6. “… I would make it a priority to put dates/connection time/my relationship into my calendar more often.”
The majority of my self-employed/entrepreneurial readers who responded to my question expressed an interest in prioritizing their significant other over their work more often.
The easiest way to prioritize your relationship? By putting them in the calendar more often. Make your investment into your relationship a non-negotiable habit that you and your partner agree to prioritize.
7. “… I would quit my job/quit hanging out with people that drain me in order to be a happier, more present partner.”
This one surprised me more than most in this list… especially because it showed up in almost 20% of responders answers (which is fairly dense from a sample size of one hundred people).
This point comes down to boundaries. People want to say “No” to things that they aren’t saying no to, and they are aware of the effect that it has on their daily levels of happiness.
Unhappy people don’t make for good romantic partners.
8. “… I would let go of the idea that sex needs to be spontaneous and prioritize investing in our sex life.”
Similar to point number three, but different enough that it warranted it’s own section.
When you’re in the first year of a relationship, sex can seem to happen a bit more spontaneously. In reality, it usually doesn’t. People still obsess over what to wear on dates, what condition their pubic hair is in, how clean they are around-the-clock… people do a lot of mental and physical preparation in order to have a lot of so-called “spontaneous” sex early on in a relationship.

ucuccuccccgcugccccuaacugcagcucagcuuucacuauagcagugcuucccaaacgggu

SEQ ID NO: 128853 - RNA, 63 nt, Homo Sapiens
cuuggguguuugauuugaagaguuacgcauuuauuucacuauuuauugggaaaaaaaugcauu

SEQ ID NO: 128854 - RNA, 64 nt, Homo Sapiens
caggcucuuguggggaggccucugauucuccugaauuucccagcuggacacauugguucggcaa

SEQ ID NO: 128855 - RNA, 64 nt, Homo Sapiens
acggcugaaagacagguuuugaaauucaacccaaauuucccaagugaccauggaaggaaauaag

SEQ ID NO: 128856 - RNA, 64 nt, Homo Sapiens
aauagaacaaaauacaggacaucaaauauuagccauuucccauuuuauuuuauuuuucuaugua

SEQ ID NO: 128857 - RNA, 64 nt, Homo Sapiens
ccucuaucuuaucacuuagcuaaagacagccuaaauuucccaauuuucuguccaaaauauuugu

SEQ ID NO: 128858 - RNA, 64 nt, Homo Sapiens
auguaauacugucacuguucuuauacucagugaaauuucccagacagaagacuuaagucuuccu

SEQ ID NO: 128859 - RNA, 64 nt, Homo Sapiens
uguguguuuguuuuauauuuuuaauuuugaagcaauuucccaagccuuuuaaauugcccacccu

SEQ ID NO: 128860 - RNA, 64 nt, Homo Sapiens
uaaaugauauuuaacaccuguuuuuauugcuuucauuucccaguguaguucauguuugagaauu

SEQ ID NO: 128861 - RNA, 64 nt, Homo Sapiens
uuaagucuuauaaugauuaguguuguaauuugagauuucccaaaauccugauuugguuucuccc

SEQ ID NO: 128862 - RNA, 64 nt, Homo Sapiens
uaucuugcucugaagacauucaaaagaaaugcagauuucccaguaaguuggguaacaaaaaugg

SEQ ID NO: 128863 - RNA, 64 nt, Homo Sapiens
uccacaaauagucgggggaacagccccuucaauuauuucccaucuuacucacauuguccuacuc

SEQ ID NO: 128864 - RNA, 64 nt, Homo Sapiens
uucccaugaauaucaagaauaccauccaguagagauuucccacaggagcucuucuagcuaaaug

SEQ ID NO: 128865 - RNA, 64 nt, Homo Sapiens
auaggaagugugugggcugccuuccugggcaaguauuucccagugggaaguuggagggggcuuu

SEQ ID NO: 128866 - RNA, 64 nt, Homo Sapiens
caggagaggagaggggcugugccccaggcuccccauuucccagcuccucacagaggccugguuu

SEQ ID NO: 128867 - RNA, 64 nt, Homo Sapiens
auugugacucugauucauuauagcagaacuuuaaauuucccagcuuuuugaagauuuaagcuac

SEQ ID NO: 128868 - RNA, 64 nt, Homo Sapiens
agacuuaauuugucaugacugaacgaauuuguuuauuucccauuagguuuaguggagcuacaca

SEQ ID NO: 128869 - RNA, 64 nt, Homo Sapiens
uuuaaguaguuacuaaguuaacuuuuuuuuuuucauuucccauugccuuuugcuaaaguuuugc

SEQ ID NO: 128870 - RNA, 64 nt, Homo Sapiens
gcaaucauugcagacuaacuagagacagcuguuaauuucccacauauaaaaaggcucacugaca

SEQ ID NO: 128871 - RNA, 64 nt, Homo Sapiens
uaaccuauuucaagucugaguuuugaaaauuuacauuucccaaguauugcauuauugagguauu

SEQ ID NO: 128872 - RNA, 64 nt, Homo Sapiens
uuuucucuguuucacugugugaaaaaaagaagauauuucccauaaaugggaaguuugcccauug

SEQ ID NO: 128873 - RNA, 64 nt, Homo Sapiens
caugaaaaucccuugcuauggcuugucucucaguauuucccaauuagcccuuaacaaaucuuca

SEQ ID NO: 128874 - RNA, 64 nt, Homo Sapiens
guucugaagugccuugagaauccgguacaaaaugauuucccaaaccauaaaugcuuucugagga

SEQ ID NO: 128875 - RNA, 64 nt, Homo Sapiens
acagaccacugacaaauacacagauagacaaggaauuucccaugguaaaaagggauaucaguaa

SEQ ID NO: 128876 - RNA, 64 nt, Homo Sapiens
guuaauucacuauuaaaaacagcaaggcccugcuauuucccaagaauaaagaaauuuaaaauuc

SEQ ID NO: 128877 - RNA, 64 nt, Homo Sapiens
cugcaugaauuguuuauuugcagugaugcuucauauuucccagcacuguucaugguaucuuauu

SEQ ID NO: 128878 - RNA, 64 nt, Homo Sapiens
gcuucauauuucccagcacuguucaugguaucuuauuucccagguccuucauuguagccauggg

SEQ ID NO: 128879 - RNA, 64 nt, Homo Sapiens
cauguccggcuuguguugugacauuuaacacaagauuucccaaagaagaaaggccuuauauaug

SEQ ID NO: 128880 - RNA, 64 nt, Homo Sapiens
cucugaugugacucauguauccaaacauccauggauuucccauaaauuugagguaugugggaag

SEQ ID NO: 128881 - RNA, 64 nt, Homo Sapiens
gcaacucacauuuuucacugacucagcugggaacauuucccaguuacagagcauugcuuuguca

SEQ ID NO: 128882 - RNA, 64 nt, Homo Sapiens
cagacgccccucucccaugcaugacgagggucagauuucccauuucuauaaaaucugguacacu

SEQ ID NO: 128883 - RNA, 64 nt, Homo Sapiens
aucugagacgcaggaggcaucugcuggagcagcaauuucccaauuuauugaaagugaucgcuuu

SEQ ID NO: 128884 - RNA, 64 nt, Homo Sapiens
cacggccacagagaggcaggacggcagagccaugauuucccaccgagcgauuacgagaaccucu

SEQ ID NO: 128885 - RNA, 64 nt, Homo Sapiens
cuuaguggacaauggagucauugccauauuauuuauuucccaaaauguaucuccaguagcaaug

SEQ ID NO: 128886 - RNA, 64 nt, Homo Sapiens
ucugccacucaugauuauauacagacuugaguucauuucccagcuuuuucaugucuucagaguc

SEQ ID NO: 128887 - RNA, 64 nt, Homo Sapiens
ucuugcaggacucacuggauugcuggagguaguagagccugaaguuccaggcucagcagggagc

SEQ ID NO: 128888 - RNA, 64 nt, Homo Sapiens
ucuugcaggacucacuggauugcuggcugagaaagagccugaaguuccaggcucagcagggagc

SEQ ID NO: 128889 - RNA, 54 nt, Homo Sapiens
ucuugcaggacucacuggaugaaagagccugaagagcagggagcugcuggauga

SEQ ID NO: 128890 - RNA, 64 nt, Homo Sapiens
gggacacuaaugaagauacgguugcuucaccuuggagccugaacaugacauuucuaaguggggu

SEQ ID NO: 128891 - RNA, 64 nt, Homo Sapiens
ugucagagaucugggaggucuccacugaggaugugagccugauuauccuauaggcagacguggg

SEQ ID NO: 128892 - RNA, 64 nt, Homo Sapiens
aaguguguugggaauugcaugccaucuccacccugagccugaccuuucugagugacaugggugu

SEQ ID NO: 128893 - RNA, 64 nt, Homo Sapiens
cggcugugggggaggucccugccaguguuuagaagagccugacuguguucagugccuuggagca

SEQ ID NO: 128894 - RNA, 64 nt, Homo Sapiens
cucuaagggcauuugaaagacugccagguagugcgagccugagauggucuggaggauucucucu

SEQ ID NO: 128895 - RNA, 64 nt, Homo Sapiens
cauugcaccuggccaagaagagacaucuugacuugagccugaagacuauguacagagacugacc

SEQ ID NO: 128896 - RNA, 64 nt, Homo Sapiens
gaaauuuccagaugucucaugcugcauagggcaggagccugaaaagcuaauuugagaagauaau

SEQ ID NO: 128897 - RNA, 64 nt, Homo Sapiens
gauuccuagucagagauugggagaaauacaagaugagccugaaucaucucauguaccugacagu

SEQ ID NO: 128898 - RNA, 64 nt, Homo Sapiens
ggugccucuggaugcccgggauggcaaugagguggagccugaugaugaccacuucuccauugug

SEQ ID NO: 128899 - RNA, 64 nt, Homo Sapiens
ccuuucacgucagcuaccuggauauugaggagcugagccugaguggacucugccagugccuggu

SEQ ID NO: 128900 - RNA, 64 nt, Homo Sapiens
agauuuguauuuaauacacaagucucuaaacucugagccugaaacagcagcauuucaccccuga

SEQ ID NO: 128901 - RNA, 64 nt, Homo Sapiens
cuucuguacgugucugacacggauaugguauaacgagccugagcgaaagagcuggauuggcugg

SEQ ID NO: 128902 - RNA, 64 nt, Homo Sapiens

But sex doesn’t need to be spontaneous in order to be good sex. In fact, a lot of people feel that they can relax more into a sexual session when it’s been premeditated and planned by both parties.
You get the anticipation of knowing that you’re going to have sex with your partner, and you can make sure you’re as ready as you can be to dive into each other.
I feel it worthwhile to note that many people that I included in this section also explicitly mentioned wanting to go to more workshops or seminars focused around sexuality, and they wanted to increase their intake of books, video courses, or other resources that improved their skill set around being a more capable and present lover.
9. “… I would kiss them like I mean it more often. I wouldn’t just go to work in the morning with a quick hug.”
This point comes down to presence, and not taking their partner for granted.
Many people said something along the lines of “I want to kiss them like I mean it in the mornings… I don’t just want to go through the motions with them. They deserve better than that.”
Three minute hugs… deep connection exercises… real, passionate kisses! I just love the taste and smell of intentionality early in the morning (and at all points throughout the day)… it wakes you up so much more than coffee.
10. “… I would swallow my pride and look into therapy/couples counselling to work on my blocks to love/having the best relationship possible.”
Last but certainly not least, many of my readers mentioned wanting not only to work through their specific roadblocks with their partner (or within themselves) but to do so with someone whose counsel they respected.
Clearly this entire piece could fall under the category of ‘self-selection bias’ since I was asking a group of one hundred people who already follow a relationship coach, but it was still good to hear that the ego/resistance was on their radar.
If you’d like to reach out to me directly and chat, I’m here for you.
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This post originally appeared at JordanGrayConsulting.com